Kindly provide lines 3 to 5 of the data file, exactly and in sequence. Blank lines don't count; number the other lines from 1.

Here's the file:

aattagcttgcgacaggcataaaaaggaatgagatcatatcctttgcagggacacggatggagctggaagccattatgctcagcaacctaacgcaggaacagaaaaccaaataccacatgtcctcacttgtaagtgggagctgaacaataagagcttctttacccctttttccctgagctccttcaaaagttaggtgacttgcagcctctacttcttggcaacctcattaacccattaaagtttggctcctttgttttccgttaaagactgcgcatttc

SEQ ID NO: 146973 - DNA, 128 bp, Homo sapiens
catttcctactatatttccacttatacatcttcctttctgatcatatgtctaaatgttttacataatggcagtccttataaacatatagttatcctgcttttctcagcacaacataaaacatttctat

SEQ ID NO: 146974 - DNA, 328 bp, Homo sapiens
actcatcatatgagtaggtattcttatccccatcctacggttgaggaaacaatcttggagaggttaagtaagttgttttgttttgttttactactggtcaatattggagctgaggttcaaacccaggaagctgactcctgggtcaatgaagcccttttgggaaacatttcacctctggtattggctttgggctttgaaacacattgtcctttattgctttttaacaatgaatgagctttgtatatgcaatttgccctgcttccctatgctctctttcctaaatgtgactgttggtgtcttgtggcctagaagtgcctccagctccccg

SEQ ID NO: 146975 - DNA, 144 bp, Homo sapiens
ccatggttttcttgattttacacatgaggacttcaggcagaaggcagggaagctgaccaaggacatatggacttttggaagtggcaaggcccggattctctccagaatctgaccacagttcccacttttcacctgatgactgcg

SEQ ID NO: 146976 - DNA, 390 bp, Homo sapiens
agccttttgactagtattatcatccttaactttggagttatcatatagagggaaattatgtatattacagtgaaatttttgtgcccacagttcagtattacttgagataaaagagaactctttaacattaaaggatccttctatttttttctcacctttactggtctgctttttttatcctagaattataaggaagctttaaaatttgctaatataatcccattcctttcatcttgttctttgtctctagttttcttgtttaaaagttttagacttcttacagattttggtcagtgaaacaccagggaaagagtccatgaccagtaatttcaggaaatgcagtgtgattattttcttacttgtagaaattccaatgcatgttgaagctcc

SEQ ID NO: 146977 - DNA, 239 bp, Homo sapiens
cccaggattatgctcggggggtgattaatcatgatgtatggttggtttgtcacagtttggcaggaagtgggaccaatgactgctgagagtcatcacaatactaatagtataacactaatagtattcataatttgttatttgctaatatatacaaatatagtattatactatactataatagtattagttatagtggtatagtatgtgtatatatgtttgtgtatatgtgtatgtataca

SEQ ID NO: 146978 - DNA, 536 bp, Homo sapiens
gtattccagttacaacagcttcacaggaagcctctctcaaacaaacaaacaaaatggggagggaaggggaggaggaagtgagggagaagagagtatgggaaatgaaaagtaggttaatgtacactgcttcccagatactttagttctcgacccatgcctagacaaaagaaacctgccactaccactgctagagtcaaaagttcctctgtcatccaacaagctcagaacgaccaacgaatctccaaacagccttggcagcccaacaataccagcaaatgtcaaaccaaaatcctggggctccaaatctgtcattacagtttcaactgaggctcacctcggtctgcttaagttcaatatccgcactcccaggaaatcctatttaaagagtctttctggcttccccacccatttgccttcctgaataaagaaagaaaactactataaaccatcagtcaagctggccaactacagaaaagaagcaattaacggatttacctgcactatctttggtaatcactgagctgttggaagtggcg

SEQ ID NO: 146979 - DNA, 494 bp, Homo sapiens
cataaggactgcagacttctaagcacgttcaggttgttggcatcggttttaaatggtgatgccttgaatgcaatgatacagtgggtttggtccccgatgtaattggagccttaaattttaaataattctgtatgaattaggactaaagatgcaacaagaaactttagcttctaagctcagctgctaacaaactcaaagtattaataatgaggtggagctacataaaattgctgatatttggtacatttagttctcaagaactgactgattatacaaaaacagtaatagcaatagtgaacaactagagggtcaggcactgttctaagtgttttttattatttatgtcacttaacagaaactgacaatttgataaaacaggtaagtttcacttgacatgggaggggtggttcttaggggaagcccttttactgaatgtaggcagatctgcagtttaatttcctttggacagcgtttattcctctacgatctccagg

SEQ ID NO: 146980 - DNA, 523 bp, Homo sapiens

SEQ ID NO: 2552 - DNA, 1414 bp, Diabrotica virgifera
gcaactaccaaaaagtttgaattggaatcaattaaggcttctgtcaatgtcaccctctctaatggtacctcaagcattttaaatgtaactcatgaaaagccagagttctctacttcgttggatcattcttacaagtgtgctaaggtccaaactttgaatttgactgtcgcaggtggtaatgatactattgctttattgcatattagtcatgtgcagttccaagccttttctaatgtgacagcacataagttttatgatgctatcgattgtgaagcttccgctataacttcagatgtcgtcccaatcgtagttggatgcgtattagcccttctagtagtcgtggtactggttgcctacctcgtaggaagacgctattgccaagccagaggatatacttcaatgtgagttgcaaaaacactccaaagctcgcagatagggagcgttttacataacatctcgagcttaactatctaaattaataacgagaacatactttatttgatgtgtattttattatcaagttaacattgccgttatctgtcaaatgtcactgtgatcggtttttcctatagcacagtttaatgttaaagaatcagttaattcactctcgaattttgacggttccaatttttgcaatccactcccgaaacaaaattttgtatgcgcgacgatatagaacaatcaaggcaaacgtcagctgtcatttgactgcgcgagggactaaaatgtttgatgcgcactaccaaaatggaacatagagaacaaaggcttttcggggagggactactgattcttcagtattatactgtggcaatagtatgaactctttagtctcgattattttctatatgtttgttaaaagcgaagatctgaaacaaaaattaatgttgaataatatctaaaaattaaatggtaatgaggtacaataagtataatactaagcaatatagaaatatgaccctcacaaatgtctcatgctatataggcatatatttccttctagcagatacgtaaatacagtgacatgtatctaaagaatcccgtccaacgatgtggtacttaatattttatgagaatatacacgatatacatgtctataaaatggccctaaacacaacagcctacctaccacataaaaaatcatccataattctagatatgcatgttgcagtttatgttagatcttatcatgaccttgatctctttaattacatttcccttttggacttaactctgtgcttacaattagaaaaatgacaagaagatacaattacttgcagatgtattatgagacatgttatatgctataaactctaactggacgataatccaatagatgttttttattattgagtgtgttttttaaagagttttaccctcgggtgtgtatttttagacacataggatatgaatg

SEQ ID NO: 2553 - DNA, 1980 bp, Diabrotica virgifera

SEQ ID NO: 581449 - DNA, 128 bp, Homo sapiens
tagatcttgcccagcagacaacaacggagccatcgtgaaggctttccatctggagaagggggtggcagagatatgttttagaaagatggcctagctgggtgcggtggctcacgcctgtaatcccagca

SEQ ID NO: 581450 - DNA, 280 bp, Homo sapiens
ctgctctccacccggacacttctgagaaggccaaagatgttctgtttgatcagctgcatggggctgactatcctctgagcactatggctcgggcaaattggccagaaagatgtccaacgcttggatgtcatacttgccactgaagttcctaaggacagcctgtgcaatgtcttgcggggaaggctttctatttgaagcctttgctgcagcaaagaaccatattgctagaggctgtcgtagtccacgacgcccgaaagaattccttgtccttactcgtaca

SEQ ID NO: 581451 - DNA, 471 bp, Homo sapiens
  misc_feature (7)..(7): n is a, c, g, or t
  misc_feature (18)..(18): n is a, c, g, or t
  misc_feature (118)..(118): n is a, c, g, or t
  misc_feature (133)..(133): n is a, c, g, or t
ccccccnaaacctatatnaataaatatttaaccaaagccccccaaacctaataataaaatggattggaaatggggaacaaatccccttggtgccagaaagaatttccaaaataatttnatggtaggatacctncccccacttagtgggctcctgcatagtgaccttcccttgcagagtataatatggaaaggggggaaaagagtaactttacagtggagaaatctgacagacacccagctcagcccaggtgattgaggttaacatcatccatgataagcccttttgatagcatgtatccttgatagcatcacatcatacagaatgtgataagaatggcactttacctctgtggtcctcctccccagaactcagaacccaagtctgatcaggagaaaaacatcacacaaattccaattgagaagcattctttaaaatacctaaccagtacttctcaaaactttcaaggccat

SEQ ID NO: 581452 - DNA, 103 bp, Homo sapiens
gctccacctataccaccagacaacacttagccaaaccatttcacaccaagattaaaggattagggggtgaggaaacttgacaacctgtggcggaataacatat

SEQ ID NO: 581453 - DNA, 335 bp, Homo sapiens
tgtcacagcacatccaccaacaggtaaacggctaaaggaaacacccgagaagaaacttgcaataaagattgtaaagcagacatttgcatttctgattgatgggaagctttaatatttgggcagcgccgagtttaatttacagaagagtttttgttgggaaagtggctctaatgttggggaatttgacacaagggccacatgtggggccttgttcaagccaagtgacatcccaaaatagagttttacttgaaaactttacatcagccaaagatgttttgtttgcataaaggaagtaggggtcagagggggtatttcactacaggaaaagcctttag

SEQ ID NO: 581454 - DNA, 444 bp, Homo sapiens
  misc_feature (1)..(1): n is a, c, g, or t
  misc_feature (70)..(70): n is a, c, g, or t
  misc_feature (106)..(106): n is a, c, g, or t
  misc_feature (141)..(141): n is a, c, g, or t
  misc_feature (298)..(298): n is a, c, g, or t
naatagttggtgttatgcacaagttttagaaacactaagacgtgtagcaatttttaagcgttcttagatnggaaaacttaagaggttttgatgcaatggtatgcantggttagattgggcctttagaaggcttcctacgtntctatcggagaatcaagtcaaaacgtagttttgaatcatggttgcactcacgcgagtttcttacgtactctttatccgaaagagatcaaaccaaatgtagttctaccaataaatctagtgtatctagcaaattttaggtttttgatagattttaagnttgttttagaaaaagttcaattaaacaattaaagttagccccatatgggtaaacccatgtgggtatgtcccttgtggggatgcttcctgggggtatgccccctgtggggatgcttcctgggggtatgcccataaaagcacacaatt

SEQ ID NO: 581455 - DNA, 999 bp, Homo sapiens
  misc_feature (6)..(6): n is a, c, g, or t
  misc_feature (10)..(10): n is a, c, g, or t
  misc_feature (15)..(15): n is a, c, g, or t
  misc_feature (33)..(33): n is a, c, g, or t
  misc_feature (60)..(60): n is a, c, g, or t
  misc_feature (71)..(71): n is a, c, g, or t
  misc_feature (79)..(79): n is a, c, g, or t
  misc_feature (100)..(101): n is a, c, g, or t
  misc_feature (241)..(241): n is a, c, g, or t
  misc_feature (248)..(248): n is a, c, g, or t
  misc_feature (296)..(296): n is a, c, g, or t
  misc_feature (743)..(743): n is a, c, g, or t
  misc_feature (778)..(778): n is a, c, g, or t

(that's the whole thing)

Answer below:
catttcctactatatttccacttatacatcttcctttctgatcatatgtctaaatgttttacataatggcagtccttataaacatatagttatcctgcttttctcagcacaacataaaacatttctat

SEQ ID NO: 146974 - DNA, 328 bp, Homo sapiens
actcatcatatgagtaggtattcttatccccatcctacggttgaggaaacaatcttggagaggttaagtaagttgttttgttttgttttactactggtcaatattggagctgaggttcaaacccaggaagctgactcctgggtcaatgaagcccttttgggaaacatttcacctctggtattggctttgggctttgaaacacattgtcctttattgctttttaacaatgaatgagctttgtatatgcaatttgccctgcttccctatgctctctttcctaaatgtgactgttggtgtcttgtggcctagaagtgcctccagctccccg